Tomorrow, June 8 will mark exactly one year since Arua Municipality MP, Col Ibrahim Abiriga was gruesomely murdered in a volley of ammunitions. However, his death has remained a puzzle, with no leads or arrests made by police.
Abiriga was killed alongside his driver-cum bodyguard, Saidi Butele Kongo, near his home in Kawanda, Wakiso district. Top security officials thronged his murder scene giving hope that his killers would perhaps be arrested as soon as possible. But that hope seems to have faded, as time passes.
At the release of the 2018 Crime Report last month, the inspector general of police (IGP) Martins Okoth Ochola said that the police had arrested several suspects in heinous crimes committed last year except in the case of Abiriga.
Ochola cited Abiriga’s assassination among other high profile murders that shaped 2018. The others were the kidnap and murder of Susan Magara and 15 others, the killing of Buyende district police commander ASP Mohammad Kirumira and Dr Ibrahim Gwaluka, who according to the IGP, were all killed by an organised gang of criminals.
“We are however happy to note that the criminals involved in these acts have been arrested and committed to High court for trial, save for the case of Hon Abiriga Ibrahim,” Ochola said.
Abiriga was famous for among other reasons, his love yellow, the signature colour of the National Resistance Movement (NRM) party and President Museveni. Abiriga wore yellow shoes, yellow stockings, suits, yellow necktie, yellow shirts, yellow t-shirts and drove a yellow beetle.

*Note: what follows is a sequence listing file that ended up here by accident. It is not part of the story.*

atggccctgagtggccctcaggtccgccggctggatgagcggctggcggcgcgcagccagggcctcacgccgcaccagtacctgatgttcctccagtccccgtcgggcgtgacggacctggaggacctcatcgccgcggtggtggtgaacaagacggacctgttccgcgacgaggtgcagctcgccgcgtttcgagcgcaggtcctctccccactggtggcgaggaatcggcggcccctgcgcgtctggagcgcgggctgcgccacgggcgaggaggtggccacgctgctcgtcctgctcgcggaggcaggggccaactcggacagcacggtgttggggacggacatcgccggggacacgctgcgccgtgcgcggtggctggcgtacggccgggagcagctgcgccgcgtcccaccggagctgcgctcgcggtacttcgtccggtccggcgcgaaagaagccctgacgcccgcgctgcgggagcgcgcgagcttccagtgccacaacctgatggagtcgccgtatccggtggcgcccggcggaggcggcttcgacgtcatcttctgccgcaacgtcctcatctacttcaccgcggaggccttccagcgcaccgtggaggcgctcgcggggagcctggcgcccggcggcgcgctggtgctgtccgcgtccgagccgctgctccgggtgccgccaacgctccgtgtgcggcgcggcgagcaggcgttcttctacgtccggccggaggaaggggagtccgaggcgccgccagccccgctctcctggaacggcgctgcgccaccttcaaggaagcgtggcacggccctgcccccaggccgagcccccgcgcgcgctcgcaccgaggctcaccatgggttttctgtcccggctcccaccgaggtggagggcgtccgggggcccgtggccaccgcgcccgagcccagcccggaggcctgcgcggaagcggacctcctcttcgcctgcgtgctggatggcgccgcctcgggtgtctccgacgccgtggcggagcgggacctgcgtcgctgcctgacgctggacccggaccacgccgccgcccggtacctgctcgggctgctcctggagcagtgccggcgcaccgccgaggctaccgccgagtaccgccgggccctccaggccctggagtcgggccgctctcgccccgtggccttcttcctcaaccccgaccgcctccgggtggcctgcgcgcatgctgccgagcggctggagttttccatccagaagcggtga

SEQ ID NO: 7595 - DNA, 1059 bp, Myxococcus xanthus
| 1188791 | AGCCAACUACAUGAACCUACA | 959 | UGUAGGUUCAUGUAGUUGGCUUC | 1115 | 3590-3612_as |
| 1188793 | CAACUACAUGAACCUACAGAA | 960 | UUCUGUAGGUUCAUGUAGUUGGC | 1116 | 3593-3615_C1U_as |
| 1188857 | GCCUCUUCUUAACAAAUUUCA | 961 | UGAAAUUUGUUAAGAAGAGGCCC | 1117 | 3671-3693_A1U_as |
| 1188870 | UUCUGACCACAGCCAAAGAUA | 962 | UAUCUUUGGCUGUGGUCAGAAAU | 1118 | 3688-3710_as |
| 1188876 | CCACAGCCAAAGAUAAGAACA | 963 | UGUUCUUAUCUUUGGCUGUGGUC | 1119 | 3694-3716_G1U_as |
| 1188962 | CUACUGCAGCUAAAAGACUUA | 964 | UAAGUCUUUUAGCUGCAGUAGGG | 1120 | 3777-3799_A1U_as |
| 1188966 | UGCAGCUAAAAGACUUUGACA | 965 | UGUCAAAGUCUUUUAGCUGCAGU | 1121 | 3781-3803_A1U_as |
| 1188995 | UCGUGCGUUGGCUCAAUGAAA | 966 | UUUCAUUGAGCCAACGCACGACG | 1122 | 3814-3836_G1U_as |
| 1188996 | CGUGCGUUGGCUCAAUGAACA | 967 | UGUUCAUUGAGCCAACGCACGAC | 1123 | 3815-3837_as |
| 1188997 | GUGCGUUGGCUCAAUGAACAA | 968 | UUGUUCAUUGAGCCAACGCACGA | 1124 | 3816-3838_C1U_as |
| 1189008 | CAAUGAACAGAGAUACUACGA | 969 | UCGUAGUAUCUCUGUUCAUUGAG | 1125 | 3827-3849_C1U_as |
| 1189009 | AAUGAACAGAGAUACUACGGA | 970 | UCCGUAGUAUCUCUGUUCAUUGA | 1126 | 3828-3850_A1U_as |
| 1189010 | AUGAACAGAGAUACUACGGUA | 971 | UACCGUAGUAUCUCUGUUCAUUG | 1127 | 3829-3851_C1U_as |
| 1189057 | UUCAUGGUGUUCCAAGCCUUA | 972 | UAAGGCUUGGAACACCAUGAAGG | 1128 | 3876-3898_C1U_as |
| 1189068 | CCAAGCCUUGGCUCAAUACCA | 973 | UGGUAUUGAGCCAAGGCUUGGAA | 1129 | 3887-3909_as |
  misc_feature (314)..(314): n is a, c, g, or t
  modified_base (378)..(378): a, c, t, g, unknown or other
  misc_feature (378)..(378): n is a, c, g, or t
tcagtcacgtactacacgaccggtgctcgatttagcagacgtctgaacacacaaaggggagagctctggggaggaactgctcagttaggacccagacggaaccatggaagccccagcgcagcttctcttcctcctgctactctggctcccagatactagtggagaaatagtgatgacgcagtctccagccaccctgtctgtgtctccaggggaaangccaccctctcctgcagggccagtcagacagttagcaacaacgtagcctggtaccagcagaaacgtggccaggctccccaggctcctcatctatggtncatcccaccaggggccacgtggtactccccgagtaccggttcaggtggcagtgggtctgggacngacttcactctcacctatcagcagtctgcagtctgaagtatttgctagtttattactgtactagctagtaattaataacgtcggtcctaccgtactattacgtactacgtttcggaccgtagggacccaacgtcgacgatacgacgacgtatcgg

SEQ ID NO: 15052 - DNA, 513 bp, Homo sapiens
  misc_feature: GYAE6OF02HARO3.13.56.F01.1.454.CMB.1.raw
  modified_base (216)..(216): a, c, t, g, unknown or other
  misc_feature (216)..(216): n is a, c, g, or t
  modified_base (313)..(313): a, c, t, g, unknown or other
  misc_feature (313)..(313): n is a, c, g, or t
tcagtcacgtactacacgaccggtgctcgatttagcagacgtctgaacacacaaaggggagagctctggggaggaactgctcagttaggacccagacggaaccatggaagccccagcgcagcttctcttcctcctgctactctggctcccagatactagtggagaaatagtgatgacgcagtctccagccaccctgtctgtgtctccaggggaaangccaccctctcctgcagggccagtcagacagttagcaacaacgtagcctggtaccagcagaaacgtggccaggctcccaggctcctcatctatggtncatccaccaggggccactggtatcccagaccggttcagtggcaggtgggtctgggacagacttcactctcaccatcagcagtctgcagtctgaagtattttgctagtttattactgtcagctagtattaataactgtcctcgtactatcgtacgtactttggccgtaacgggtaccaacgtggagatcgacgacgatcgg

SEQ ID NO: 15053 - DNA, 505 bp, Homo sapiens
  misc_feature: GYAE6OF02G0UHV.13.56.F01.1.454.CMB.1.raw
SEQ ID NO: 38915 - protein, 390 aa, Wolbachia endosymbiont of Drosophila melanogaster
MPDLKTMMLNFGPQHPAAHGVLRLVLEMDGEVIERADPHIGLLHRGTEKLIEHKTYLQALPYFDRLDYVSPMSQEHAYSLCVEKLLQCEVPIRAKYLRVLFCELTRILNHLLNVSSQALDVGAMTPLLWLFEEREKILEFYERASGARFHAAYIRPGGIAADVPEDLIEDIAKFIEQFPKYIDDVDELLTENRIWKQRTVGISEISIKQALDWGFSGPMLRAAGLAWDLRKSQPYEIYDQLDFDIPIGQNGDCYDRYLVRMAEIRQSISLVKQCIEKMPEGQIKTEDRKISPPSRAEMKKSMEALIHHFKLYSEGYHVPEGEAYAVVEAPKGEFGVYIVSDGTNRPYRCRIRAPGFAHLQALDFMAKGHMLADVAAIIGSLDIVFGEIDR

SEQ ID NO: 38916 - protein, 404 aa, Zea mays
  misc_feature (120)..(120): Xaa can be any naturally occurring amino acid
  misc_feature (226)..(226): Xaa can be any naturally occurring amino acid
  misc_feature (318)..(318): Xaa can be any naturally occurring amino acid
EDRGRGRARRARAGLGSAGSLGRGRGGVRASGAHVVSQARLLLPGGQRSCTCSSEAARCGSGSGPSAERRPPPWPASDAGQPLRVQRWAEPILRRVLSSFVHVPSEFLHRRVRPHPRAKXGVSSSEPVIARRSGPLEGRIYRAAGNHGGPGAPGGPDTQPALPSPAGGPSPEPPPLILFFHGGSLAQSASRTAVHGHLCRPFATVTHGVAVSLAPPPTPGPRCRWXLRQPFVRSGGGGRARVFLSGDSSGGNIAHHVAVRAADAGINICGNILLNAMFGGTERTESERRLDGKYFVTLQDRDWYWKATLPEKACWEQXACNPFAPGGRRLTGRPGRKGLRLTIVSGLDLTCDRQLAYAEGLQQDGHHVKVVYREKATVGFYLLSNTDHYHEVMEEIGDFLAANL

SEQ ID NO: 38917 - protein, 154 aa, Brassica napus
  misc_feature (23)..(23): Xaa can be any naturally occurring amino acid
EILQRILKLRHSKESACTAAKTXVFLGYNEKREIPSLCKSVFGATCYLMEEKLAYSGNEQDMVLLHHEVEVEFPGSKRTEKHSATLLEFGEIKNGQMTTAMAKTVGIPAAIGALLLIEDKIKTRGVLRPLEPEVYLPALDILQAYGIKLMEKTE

A local television visited his home in Kawanda about five months before he was killed and found yellow cups, yellow plates, yellow blankets and yellow bedsheets. Besides, Abiriga was loved for his high sense of humour. He cracked jokes with both the young and adults. MPs and journalists who often interacted with him at parliament, described him as somebody who never despised anyone.
Residents of Kawanda spoke about him as philanthropist who shared the little he had with neighbours including buying food for women abandoned by their husbands in rented houses. Locals said he often moved with tins of sweets which he would serve to children he met on his way home. Abiriga was among the first MPs to propose the removal of article 102(b) that capped presidential age between 35 and 75.